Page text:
There was once a time when the Australian dream was to own a family home on a decent sized plot. Nowadays the Australian dream is to have that, plus a second home by the sea. Why not? We do live on an island, after all.
A recent study shows that around 560,000 Australians (1 in 40) Australians already own a home by the sea, or a holiday home of some kind. Some other studies estimate that number is around 1 million.
If you’re thinking of buying a holiday home, is there are right or wrong time to do it? If so, when is that time? Read on and we’ll reveal all in our guide to the four best times to purchase holiday real estate.
1. Make a purchase when the market is flat
The nature of holiday homes is that often their prices are more volatile than those in other areas. When the economy is booming the price of holiday homes tend to be good, but when the economy is a little less affluent, those prices slump.
With holiday homes being a symbol of wealth, when people have loan repayments to make in a downturn, the holiday home is usually the first thing to go. That’s why we see so many houses for sale in a recession – holiday homes are somewhat surplus to requirement for our day to day lives. That’s why you should always try to buy one when the market is flat.
2. Buy off season
The holiday house market isn’t simply cyclical like the regular housing market – it relies heavily on the season too. Those prices tend to rise when during the holiday season, and recede when the tourists go home.
Apparently that’s because us Australians love to go away on holidays. When we’re on said holidays we fall in love with the area and decide to put down roots. In that sense, putting down a deposit on a holiday home is a statement that we might never want to head back to reality.
Sometimes we see prices rise and fall at random times of the year for reasons of supply and demand. This is normally because when there are more tourists viewing properties, the competition heats up and prices fluctuate.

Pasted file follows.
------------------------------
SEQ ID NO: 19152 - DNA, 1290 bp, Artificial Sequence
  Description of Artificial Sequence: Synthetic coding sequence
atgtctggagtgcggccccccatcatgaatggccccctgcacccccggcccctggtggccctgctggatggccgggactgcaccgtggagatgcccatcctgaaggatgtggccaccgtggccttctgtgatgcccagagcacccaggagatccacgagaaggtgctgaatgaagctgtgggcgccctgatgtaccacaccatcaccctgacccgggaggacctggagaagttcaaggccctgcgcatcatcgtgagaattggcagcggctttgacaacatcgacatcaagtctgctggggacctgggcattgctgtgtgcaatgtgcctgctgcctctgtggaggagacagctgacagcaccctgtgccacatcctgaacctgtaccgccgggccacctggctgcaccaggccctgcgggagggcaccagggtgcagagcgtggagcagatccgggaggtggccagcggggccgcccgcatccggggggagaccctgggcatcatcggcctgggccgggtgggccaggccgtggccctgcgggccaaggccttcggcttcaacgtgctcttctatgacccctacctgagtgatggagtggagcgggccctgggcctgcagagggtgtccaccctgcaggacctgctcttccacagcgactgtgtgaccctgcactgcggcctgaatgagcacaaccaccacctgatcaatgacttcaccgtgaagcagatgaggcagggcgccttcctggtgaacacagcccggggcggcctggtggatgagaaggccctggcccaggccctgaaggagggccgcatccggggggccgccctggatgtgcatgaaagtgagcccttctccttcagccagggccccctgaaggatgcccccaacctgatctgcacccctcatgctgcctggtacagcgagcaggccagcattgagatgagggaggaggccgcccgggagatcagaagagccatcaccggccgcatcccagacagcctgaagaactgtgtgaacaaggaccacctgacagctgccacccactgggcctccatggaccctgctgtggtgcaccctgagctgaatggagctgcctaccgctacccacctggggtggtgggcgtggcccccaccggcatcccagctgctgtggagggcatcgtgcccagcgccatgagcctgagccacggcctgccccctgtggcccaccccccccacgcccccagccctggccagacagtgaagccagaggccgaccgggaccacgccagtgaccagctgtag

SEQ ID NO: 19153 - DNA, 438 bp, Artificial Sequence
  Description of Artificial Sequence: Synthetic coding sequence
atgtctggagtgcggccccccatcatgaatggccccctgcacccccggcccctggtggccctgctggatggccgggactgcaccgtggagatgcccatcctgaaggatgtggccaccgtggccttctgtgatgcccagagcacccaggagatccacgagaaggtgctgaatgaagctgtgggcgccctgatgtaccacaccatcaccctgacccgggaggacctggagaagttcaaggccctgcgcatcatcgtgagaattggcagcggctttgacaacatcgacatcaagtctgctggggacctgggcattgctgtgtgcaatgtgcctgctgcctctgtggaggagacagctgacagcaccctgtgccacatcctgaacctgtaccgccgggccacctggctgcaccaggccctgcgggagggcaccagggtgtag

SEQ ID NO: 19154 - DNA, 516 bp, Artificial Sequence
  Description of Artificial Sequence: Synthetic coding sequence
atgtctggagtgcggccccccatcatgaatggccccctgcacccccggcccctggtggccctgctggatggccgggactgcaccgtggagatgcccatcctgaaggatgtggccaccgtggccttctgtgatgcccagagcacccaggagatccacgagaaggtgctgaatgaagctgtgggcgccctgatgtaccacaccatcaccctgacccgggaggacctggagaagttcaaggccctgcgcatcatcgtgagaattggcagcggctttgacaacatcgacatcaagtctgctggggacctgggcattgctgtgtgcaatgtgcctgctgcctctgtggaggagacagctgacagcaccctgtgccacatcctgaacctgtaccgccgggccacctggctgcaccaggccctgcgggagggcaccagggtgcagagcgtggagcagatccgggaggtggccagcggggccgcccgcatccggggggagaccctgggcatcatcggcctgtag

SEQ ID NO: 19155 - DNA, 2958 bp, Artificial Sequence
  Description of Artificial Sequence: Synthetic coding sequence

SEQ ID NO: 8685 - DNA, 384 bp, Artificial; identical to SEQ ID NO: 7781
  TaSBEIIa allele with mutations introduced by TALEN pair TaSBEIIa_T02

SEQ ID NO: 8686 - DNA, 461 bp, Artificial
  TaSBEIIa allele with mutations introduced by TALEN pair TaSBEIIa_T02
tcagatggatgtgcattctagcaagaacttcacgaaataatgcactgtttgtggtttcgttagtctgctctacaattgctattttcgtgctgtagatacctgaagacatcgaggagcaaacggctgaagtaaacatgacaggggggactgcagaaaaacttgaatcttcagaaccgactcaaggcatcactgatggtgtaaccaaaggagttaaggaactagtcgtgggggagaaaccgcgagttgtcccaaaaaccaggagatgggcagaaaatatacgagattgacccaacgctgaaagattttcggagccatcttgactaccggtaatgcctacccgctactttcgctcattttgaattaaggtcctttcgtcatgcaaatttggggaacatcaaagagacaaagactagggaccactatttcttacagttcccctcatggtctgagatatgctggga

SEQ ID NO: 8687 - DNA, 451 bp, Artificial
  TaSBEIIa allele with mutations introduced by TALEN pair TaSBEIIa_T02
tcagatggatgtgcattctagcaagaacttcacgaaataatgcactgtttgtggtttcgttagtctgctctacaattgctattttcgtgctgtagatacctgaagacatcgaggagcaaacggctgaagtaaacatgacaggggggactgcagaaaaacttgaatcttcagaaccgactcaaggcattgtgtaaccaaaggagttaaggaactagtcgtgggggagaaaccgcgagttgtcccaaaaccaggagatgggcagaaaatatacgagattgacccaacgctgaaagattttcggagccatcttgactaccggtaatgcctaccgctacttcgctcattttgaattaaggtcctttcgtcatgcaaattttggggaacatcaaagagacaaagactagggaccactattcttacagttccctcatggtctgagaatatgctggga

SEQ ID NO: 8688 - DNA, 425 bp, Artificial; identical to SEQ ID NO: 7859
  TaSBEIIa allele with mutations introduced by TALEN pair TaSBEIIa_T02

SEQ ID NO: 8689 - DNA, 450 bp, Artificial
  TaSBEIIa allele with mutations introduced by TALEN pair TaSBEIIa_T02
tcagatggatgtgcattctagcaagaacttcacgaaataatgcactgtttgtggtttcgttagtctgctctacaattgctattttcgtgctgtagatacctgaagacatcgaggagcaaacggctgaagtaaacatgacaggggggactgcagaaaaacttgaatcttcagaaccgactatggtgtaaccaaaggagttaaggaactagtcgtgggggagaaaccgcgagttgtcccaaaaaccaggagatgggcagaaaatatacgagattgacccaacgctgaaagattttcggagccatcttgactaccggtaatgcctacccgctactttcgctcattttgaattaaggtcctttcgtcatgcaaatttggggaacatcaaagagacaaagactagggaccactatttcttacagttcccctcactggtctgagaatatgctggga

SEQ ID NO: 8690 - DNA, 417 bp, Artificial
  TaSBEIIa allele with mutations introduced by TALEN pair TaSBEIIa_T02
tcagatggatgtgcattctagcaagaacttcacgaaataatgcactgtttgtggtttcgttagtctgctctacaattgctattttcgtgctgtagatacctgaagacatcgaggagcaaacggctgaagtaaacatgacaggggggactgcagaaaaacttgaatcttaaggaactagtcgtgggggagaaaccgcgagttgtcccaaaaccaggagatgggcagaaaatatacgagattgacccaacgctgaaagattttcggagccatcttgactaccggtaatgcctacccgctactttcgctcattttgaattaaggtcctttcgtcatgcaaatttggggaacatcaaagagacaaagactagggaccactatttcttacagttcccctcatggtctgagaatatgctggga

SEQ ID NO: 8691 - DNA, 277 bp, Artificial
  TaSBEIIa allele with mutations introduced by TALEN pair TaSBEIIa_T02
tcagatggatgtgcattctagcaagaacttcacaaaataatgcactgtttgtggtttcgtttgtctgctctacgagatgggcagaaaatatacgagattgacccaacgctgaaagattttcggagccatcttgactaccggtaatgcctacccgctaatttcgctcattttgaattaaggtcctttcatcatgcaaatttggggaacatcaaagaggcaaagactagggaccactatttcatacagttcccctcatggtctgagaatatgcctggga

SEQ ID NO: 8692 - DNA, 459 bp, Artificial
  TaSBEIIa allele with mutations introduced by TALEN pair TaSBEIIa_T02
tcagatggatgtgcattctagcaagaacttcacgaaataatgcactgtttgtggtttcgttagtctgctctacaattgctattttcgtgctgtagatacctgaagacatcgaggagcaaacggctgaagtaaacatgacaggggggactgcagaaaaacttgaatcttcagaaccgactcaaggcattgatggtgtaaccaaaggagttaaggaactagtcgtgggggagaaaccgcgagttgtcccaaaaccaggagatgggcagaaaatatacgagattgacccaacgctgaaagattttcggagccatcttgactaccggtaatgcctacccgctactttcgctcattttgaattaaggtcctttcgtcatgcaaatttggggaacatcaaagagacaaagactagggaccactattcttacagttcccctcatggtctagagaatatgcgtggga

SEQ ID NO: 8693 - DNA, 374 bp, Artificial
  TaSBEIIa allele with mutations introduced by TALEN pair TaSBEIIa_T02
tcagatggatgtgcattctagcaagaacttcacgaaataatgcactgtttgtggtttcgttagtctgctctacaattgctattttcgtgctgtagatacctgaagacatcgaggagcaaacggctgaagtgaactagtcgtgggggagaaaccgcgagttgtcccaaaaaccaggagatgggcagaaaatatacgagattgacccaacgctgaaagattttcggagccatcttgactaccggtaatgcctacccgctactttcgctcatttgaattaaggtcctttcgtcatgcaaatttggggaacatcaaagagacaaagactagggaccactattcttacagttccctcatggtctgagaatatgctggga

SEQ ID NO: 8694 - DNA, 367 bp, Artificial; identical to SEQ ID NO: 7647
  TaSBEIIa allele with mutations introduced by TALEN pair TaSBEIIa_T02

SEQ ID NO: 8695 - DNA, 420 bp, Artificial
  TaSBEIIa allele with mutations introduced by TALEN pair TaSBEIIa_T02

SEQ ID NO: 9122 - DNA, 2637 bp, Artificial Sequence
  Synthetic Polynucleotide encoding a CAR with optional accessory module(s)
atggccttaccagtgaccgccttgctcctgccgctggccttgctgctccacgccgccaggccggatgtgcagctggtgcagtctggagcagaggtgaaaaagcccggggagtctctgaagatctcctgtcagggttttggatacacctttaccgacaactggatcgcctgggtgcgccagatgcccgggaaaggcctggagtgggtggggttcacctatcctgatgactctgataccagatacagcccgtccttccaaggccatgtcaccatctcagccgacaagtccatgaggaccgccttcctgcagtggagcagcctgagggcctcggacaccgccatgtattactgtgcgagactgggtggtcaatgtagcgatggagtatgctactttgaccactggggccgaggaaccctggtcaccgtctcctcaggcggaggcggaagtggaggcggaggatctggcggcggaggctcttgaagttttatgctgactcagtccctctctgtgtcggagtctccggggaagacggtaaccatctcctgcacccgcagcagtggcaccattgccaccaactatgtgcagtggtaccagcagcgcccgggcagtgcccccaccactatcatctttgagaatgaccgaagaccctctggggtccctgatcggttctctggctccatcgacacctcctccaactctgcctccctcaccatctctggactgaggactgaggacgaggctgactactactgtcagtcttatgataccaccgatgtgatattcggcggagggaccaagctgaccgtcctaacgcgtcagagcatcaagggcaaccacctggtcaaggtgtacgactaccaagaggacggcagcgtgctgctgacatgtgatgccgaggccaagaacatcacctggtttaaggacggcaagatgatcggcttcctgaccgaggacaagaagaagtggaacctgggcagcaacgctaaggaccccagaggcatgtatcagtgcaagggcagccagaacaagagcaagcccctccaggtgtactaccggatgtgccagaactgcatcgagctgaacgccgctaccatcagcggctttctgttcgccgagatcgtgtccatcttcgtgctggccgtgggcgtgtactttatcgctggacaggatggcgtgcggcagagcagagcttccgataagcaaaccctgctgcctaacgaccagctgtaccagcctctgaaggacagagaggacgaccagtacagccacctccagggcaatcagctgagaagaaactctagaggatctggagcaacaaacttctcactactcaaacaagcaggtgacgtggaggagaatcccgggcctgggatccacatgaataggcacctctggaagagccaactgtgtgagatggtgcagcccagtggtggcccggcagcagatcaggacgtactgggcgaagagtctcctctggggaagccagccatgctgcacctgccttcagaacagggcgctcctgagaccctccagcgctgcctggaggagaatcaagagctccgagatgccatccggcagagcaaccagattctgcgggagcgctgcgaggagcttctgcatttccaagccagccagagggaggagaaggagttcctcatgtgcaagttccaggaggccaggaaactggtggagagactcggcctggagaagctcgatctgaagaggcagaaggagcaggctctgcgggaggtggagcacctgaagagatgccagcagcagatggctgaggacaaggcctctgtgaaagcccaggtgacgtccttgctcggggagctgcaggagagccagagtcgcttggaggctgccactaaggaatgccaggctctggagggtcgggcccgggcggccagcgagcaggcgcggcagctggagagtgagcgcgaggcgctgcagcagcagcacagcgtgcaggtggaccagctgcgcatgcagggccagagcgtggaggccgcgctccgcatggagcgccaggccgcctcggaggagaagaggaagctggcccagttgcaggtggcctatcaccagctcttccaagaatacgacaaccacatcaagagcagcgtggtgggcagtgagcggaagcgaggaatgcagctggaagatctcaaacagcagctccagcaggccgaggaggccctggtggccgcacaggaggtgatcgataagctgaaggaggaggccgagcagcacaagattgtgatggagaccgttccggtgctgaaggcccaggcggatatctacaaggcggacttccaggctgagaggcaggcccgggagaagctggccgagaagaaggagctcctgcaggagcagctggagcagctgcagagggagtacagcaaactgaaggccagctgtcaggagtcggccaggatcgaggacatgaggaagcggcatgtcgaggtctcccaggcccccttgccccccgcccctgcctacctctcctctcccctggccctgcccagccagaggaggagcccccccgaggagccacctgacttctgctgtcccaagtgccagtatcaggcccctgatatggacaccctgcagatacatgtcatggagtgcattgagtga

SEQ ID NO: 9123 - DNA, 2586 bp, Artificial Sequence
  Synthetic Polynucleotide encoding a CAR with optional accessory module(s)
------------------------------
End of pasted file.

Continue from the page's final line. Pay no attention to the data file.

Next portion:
Be aware that competition can be really fierce because people have a limited time to bag that holiday home before they have to head on home again! Remember – when you buy out of season, there’ll be less competition around to snap up your plot.
3. Look to buy during times of demand
When property prices are high, a second home isn’t usually on the cards. The closest people can get to owning a second home is if they rent one. If you fit the bill here, you need to remember that purchasing when there’s already a demand for property is key. For example if there aren’t many rental properties, you could be onto a winner, but if the market is saturated you may be looking at a struggle to make repayments.
A sound piece of advice would be to make sure you do the research beforehand. Go and speak to local real estate agents and find out how much you can expect to receive when renting out your property. Perhaps think about the occupancy rating too…
To do this you can head over to popular rental sites to gauge the level of supply and demand for the area and type of property you wish to invest in.
4. Only buy when the time is right for you
Buying a house is super exciting, but sometimes we can get caught up In the moment – especially on holiday. Normally this is great but emotion and business rarely mix. At least not in a very smart way. Don’t forget that a second house is quite a commitment.
Make sure that you do your maths first, ensuring everything tallies up. If you really can’t afford to buy a home by the sea, then don’t! Make sure you’ll be able to use it and get full value from its use.
It also depends on your stage of life. Some people find that renting may make more economical sense than straight up purchasing a holiday home.2`30
Purchasing a holiday home can be a wonderful experience, a fantastic investment, and a great way to spend time with the family. It’s important to remember these four steps to ensure you go about it the right way, instead of making a risky and unfulfilling investment.
The information and links provided on this website are for general information only and should not be taken as constituting professional advice. This information does not take into account the financial situation or particular needs of individual readers. Before making any decisions about matters discussed on this website, you should consider whether it is suitable for you in light of your own circumstances, and seek appropriate advice.